Rap In Musicals, Part II: How Hamilton Fixed Literally Everything

A little over a year ago, I wrote an article called Rap In Musicals, And How Weve Been Getting It Wrong. In it, I made two major arguments: one, that rap was as well-suited to musicals as pen to page, and two, that most uses of rap in the musical theatre thus far had largely failed to realize the extraordinary synergistic potential of these two forms. I then went on to list techniques in the musical theatre that rap would complement perfectly.

I could reiterate all of my points here, but I no longer have to. I can now just point to Hamilton and say, yeah, basically that. Nonetheless, lets briefly run through these ideas and examine them in the context of Broadways latest runaway smash.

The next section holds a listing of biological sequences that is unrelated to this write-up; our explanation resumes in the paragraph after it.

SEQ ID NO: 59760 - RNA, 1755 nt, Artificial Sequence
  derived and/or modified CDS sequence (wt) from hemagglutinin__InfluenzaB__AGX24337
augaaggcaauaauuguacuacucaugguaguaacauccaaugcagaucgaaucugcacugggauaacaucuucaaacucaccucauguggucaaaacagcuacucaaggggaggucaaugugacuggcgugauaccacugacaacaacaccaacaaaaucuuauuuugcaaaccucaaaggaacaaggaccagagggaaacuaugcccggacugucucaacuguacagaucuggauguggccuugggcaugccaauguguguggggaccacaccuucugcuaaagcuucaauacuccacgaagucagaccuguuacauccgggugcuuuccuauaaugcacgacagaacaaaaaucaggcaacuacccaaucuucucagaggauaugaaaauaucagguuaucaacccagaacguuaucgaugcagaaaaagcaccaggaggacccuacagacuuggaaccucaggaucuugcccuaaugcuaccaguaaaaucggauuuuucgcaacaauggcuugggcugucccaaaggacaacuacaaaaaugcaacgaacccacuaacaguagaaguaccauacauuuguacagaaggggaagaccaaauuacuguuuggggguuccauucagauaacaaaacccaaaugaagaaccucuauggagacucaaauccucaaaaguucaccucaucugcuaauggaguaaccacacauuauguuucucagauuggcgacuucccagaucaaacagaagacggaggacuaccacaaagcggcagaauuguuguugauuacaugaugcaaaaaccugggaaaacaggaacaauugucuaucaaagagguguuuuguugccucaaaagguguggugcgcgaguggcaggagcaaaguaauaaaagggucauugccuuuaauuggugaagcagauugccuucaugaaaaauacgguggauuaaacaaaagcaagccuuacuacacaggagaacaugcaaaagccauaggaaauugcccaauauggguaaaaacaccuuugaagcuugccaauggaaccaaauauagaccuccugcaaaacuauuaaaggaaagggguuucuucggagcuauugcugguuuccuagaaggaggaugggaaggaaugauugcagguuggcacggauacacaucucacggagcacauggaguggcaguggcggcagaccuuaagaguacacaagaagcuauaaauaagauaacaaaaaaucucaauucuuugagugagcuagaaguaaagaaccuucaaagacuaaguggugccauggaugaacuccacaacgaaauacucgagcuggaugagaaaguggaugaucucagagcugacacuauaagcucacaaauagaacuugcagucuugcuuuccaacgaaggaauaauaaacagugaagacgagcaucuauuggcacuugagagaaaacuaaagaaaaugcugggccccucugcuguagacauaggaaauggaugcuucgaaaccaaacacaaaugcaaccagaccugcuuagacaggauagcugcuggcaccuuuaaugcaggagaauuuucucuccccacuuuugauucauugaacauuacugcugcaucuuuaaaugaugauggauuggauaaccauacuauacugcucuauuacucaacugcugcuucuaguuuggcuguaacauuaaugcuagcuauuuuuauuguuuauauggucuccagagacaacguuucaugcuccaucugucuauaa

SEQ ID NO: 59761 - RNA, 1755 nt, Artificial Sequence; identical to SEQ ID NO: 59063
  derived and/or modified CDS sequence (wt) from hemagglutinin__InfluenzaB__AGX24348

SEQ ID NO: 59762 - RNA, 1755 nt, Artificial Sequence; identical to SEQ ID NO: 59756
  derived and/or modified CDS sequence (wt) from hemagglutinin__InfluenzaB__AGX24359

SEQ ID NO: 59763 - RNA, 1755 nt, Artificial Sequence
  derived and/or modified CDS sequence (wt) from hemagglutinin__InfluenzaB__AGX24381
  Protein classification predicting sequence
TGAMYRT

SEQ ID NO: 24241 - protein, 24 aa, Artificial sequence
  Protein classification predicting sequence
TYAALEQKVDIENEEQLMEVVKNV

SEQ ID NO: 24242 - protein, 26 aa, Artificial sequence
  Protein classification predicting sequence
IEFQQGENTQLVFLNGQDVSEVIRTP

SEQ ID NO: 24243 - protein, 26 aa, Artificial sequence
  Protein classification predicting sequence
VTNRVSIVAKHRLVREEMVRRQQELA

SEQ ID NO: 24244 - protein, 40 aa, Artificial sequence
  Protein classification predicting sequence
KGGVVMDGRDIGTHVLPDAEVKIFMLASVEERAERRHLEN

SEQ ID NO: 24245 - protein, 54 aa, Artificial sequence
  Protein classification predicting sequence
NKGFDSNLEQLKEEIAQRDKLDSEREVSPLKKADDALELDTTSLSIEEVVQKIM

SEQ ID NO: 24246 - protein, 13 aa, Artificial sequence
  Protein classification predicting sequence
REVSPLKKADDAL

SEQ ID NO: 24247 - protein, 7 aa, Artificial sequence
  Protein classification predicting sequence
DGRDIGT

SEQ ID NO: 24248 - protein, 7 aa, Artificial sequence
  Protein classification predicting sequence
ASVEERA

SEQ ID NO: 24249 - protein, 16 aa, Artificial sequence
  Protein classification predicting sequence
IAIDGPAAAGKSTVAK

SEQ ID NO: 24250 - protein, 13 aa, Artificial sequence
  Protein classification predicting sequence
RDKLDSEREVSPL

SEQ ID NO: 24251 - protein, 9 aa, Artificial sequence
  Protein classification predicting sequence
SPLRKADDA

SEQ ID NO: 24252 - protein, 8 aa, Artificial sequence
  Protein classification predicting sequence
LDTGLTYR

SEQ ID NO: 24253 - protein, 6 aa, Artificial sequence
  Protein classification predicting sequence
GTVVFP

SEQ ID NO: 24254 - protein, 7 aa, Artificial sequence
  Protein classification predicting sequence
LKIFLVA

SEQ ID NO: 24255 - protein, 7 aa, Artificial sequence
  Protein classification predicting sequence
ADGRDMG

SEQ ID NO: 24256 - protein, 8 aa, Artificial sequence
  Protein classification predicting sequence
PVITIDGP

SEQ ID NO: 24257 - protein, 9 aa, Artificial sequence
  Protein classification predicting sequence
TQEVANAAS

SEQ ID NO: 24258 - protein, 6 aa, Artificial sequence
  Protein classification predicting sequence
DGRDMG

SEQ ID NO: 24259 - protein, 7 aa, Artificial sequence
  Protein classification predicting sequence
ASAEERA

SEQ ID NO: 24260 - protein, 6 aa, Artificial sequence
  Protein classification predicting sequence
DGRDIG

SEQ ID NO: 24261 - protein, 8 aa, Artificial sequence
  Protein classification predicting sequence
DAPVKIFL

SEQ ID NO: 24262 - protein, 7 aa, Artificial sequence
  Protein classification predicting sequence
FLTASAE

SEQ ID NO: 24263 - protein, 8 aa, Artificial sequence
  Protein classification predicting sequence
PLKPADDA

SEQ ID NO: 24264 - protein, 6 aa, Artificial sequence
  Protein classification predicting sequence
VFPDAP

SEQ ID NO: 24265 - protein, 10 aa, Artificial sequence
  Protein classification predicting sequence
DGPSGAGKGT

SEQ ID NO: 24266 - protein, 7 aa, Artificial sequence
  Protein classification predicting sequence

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Rap In Musicals, And How We’ve Been Getting It Wrong

I think that we have been approaching the use of rap in the musical theatre the wrong way all this time. In the paragraphs that follow, I hope to briefly convince you of two things…
1. That rap is well-suited to integration in a musical theatre idiom, and
2. That some fairly basic misconceptions about the dramatic strengths of rap have prevented this integration from being carried out in a manner and to a degree that matches its potential.

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